Hasbro Children's Hospital, Providence, Rhode Island
The Rodger Williams Zoo satellite, Hasbro Children's Hospital
7. Engaging schools. Creating a relationship with the local schools provides a great benefit, both to the hospital and the schools. More and more schools recognize the importance of celebrating values such as “giving back” to the community. By encouraging schools to do walkathons, readathons, bake sales, and other fund-raising events, not only do you generate financial support for the project, you create an opportunity for students to tour the facility and realize that it does not have to be a “scary place.” Ideally, an educational component is incorporated into the design of the hospital and all the schools are encouraged to tour the public areas as part of their required curriculum.
8. Recognizing art's impact. There is probably no healthcare building in which art is more important than a children's hospital (Figures 5 and 6). People are at the heights and depths of their emotions, and the impact of art can be most powerful. If the installation of art is approached as an additional opportunity for the community to become involved with the project, it does not have to add cost to the budget, yet it can create significant value. It is also important to consider incorporating the therapeutic value of art in-to ongoing patient care programs by creating an in-house art studio or artist-in-residence program.
Tile project by Rhode Island schoolchildren, Hasbro Children's Hospital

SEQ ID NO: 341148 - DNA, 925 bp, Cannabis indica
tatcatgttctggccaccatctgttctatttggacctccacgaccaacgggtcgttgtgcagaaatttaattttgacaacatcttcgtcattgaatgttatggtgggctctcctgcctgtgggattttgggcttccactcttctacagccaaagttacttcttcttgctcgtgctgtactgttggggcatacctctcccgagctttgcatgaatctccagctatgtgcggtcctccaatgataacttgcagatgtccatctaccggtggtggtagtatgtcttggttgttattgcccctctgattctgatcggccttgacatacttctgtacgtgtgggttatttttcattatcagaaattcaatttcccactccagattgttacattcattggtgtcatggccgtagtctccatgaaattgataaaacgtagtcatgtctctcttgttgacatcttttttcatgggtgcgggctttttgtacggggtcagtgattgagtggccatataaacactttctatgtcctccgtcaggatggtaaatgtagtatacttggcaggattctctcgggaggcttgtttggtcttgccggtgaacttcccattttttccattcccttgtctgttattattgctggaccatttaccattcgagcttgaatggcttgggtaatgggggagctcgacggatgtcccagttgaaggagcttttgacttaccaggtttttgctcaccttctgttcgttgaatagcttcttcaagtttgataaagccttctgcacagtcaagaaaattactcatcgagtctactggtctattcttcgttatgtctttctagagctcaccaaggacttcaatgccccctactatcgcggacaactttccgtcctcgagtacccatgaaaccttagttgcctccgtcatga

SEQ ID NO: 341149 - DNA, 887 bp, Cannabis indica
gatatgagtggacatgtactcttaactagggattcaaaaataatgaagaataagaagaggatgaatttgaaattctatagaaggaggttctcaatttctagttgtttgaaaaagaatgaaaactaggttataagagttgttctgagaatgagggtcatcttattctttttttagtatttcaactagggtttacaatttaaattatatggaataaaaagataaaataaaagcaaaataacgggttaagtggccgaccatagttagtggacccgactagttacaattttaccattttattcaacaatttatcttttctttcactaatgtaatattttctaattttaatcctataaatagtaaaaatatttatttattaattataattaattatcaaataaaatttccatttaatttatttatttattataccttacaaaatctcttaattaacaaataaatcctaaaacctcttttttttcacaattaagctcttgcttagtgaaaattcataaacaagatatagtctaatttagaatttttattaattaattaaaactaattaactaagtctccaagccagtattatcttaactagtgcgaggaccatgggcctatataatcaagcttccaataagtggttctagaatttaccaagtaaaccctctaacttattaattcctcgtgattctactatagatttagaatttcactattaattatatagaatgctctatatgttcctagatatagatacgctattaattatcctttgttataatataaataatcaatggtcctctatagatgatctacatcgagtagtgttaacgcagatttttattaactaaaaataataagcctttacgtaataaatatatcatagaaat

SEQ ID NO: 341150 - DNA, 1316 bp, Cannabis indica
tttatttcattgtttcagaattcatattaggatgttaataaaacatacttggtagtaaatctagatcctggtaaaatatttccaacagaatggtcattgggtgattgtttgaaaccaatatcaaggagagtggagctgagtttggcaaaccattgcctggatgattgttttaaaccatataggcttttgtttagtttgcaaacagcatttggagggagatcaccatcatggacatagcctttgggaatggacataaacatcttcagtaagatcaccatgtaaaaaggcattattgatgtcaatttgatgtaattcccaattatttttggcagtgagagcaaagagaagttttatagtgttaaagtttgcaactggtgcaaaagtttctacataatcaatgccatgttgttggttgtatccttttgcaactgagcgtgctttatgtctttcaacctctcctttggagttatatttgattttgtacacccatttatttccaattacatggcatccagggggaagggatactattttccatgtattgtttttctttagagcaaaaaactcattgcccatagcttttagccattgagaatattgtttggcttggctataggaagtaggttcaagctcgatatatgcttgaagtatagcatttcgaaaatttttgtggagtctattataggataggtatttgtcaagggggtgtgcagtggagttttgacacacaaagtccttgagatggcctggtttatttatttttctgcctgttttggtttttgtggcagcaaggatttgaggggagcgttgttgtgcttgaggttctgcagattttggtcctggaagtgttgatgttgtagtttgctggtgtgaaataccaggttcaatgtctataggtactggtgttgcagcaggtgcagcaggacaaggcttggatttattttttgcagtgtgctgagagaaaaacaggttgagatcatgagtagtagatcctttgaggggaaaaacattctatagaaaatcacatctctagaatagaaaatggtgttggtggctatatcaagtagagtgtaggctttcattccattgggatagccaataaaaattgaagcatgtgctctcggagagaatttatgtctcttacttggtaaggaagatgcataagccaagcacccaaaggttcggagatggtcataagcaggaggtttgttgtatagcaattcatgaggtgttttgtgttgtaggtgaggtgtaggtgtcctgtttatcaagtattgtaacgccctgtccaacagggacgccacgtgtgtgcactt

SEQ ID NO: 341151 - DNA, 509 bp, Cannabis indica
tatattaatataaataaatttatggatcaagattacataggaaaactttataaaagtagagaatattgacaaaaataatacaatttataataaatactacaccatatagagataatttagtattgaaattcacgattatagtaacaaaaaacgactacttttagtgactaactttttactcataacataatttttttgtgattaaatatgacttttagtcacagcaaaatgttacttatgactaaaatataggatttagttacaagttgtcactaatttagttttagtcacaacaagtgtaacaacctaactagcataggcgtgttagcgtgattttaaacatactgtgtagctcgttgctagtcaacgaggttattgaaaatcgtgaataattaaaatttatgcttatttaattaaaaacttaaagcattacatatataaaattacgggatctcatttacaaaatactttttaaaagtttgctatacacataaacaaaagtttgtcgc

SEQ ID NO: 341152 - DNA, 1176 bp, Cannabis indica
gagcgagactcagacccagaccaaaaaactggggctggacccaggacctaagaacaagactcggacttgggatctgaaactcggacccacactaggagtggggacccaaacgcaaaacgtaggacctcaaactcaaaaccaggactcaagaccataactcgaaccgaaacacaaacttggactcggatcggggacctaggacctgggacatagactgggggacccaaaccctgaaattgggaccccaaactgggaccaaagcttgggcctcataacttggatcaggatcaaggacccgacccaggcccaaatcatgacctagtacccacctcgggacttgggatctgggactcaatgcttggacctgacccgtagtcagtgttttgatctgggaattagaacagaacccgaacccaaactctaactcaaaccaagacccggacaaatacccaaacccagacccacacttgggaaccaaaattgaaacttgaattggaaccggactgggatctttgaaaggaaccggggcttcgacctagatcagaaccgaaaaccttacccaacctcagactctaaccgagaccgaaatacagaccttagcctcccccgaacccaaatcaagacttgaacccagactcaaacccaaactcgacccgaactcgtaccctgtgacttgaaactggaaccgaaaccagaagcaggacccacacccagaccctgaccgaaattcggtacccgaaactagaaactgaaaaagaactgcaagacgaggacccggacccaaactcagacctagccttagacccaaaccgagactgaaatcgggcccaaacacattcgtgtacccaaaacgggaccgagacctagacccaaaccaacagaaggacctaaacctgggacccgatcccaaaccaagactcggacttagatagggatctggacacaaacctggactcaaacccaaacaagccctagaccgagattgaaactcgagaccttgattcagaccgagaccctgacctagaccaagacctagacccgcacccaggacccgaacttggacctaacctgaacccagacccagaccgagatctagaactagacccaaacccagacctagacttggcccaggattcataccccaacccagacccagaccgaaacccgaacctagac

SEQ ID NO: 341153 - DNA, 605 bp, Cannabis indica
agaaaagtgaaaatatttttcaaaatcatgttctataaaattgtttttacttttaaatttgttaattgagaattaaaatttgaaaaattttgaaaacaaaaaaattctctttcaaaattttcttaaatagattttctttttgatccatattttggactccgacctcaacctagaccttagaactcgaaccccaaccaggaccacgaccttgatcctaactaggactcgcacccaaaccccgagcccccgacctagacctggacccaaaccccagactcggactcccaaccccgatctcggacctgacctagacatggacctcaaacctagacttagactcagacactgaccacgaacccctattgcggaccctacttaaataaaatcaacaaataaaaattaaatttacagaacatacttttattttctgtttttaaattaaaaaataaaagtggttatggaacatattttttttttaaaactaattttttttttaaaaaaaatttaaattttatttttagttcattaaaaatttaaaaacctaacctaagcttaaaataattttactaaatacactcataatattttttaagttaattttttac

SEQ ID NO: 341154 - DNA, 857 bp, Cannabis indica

“The Pup,” by artist Nara, will become part of the healing garden/miniature golf course at Maria Fareri Children's Hospital
9. Harnessing the power of philanthropy. As noted in the introduction, few projects benefit more from philanthropy than a children's hospital. Not only does it enhance the project's potential for success, it also allows for the possibility to fund elements that make a children's hospital special, such as the 13,000-gallon water feature in the Maria Fareri Children's Hospital in Valhalla, New York. This generous gift was funded by a family who would not have typically given to a “bricks and mortar” campaign.
10. Celebrate your success. Few experiences in healthcare today are more invigorating and uplifting than the opening of a world-class children's hospital. Take full advantage of the impact this project has on the morale and pride of both the institution and the community, and be sure to celebrate every step in the process. Once the project is complete, share the experience with others who are about to start their own exciting journey to world-class children's care. HD
Bruce King Komiske, FACHE, is a hospital administrator who has had the opportunity to plan, open, and operate five new facilities during his career. Hasbro Children's Hospital in Providence, Rhode Island, and the Maria Fareri Children's Hospital in Valhalla, New York (opening in June 2004), are two of his most current projects that have received significant attention. He also serves as a consultant to hospitals around the world, is a frequent speaker on creating healing environments, and is the author of Family Partnerships in Care and Designing the World's Best Children's Hospitals. He is currently working on his newest book, in conjunction with the National Association of Children's Hospitals: Children's Hospitals-The Future of Healing Environments, which will be published in late 2004.
For more information, e-mail firstname.lastname@example.org.
Healthcare Design 2003 May;3(2):39-42